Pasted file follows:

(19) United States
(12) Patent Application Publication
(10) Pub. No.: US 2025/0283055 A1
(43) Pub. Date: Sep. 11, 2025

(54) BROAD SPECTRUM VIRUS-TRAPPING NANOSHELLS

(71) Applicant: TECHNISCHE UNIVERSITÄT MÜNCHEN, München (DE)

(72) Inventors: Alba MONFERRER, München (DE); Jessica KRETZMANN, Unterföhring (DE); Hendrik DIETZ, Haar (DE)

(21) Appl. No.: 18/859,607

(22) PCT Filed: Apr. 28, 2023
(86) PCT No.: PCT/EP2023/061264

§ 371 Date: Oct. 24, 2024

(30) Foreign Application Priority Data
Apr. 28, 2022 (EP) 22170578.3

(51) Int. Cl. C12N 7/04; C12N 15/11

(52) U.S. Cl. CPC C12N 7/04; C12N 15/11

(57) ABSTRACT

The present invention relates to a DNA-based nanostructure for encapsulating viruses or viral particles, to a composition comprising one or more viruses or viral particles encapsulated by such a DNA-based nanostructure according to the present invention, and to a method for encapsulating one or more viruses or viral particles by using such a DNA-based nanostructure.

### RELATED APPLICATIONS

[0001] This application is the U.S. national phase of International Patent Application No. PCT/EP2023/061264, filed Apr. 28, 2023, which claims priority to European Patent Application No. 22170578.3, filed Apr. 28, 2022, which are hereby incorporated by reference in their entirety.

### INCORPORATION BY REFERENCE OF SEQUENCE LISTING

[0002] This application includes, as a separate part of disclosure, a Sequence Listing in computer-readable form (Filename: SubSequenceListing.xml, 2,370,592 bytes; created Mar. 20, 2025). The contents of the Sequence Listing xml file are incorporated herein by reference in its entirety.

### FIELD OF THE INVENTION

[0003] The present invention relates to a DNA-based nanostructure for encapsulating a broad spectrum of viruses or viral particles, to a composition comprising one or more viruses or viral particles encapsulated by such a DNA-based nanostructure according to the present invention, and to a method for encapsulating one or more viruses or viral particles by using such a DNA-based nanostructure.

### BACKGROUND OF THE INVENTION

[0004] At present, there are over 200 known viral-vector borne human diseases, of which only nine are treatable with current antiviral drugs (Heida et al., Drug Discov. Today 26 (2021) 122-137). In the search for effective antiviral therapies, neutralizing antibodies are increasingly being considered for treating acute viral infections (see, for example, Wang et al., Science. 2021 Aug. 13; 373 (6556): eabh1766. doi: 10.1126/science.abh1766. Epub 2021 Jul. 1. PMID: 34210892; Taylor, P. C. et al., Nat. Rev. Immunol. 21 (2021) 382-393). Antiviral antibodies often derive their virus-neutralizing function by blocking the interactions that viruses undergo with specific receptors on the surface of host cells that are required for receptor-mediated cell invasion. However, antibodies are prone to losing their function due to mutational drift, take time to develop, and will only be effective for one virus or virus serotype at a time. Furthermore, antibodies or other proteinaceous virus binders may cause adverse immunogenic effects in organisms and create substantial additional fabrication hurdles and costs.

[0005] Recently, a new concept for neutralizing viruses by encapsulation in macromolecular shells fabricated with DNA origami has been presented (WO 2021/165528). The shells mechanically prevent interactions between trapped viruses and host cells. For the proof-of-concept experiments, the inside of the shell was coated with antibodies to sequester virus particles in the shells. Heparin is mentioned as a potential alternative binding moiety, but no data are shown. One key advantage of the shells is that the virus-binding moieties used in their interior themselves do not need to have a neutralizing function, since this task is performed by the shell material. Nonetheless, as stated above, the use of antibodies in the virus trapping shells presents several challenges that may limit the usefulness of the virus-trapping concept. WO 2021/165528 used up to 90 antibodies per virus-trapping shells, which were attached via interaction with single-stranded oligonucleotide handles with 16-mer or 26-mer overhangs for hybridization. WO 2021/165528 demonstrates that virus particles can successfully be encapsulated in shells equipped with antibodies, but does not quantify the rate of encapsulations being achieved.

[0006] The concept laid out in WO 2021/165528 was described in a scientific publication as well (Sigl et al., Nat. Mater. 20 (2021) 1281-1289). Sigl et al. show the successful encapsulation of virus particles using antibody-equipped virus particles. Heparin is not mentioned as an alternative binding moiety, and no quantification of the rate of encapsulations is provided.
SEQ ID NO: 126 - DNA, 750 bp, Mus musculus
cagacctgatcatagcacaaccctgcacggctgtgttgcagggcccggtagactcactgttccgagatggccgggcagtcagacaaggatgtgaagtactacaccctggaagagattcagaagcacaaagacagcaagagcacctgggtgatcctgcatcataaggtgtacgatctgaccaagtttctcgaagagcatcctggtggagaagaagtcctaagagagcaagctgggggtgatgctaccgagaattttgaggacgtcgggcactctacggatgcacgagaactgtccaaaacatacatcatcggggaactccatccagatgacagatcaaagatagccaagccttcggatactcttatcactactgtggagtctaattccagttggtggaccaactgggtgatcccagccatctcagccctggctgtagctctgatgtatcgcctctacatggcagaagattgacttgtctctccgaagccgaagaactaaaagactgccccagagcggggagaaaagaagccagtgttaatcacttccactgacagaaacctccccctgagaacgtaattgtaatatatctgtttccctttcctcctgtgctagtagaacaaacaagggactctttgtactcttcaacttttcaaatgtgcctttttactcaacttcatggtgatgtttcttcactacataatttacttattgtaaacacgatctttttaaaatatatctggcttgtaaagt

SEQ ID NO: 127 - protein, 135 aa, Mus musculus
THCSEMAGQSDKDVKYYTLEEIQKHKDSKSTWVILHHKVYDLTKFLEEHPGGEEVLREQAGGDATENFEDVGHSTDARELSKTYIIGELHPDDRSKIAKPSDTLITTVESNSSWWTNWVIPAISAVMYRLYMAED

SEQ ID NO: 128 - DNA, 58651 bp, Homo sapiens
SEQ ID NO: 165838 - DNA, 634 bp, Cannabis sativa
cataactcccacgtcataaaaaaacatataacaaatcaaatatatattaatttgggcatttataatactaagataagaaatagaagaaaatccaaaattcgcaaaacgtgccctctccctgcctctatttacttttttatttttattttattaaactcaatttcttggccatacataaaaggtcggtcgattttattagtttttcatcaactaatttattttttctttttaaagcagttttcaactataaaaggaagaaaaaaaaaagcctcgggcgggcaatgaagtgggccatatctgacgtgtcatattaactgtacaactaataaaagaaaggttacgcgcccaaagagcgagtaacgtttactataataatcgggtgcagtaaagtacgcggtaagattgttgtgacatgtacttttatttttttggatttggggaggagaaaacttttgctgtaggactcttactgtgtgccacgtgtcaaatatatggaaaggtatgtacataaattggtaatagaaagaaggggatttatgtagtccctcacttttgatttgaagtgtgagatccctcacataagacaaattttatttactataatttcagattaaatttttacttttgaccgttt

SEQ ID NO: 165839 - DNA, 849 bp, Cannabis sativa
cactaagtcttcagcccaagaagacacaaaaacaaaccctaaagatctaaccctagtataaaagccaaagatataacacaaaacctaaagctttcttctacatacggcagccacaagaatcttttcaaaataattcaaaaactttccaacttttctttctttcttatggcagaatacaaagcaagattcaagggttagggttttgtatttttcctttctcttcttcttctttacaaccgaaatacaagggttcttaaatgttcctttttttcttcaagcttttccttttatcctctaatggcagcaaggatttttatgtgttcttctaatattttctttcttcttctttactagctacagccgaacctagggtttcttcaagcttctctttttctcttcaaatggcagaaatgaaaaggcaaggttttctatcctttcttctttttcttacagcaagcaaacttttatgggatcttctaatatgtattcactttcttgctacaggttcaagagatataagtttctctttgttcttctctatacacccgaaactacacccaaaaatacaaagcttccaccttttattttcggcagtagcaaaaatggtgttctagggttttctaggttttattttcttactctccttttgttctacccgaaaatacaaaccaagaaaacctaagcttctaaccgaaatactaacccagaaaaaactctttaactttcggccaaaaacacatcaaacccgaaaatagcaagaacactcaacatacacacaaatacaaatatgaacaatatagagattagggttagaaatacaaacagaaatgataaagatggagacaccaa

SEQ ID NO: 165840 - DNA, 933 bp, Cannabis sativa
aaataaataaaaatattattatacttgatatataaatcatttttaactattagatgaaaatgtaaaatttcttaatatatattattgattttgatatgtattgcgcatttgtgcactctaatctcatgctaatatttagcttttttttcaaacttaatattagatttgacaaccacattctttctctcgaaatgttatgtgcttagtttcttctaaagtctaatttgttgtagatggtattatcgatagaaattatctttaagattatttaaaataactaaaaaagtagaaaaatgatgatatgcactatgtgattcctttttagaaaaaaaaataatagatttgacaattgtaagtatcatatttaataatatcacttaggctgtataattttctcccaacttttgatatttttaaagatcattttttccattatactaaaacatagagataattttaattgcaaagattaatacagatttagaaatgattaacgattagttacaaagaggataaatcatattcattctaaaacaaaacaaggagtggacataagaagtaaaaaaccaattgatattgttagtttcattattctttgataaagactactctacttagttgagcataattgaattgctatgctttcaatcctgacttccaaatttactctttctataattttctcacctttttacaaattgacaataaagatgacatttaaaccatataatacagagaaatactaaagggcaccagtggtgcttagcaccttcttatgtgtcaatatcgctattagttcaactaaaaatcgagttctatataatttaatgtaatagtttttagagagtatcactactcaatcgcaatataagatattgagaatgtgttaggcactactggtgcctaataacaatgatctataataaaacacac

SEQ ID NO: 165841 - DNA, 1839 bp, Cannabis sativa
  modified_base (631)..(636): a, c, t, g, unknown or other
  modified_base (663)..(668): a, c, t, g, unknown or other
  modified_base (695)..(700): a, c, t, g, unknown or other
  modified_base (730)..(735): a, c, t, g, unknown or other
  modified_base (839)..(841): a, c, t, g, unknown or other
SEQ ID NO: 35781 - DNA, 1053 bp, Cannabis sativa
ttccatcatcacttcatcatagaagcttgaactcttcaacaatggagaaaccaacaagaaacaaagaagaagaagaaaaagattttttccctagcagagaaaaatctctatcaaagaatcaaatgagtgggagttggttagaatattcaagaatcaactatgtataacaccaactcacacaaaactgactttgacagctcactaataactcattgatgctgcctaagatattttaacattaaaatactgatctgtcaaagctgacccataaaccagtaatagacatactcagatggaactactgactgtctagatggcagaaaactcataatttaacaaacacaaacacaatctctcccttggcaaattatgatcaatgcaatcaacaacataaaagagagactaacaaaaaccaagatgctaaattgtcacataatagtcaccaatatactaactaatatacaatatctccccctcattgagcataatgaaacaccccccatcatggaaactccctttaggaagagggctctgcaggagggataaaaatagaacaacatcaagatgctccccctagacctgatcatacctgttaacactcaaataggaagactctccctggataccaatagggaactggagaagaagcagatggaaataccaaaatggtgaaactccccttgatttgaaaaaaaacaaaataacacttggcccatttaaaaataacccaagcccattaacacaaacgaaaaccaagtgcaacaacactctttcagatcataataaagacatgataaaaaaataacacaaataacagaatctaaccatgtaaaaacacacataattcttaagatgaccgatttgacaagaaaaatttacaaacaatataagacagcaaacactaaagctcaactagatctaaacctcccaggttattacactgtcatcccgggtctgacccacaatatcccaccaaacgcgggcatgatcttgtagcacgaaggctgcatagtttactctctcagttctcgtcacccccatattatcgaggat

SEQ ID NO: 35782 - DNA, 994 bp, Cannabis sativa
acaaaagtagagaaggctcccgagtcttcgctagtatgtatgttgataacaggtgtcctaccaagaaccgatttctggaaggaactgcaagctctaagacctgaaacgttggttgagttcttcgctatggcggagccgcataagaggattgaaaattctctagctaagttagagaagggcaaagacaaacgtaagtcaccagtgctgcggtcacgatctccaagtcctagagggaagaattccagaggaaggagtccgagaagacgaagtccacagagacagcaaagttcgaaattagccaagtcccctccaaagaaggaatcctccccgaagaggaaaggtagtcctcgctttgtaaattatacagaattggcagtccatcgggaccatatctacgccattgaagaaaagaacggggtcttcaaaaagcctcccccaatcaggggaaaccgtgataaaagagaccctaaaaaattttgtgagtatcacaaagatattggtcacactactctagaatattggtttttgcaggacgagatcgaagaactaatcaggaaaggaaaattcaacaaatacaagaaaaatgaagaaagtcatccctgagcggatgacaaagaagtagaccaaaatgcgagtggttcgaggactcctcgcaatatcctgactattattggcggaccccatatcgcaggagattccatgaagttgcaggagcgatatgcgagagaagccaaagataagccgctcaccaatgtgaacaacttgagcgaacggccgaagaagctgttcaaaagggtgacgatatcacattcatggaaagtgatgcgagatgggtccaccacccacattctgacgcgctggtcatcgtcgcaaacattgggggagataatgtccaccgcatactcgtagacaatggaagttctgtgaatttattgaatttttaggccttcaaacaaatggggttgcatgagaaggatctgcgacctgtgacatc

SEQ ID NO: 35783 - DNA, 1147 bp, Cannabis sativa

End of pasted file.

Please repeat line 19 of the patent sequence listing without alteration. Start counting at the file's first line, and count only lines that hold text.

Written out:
[0001] This application is the U.S. national phase of International Patent Application No. PCT/EP2023/061264, filed Apr. 28, 2023, which claims priority to European Patent Application No. 22170578.3, filed Apr. 28, 2022, which are hereby incorporated by reference in their entirety.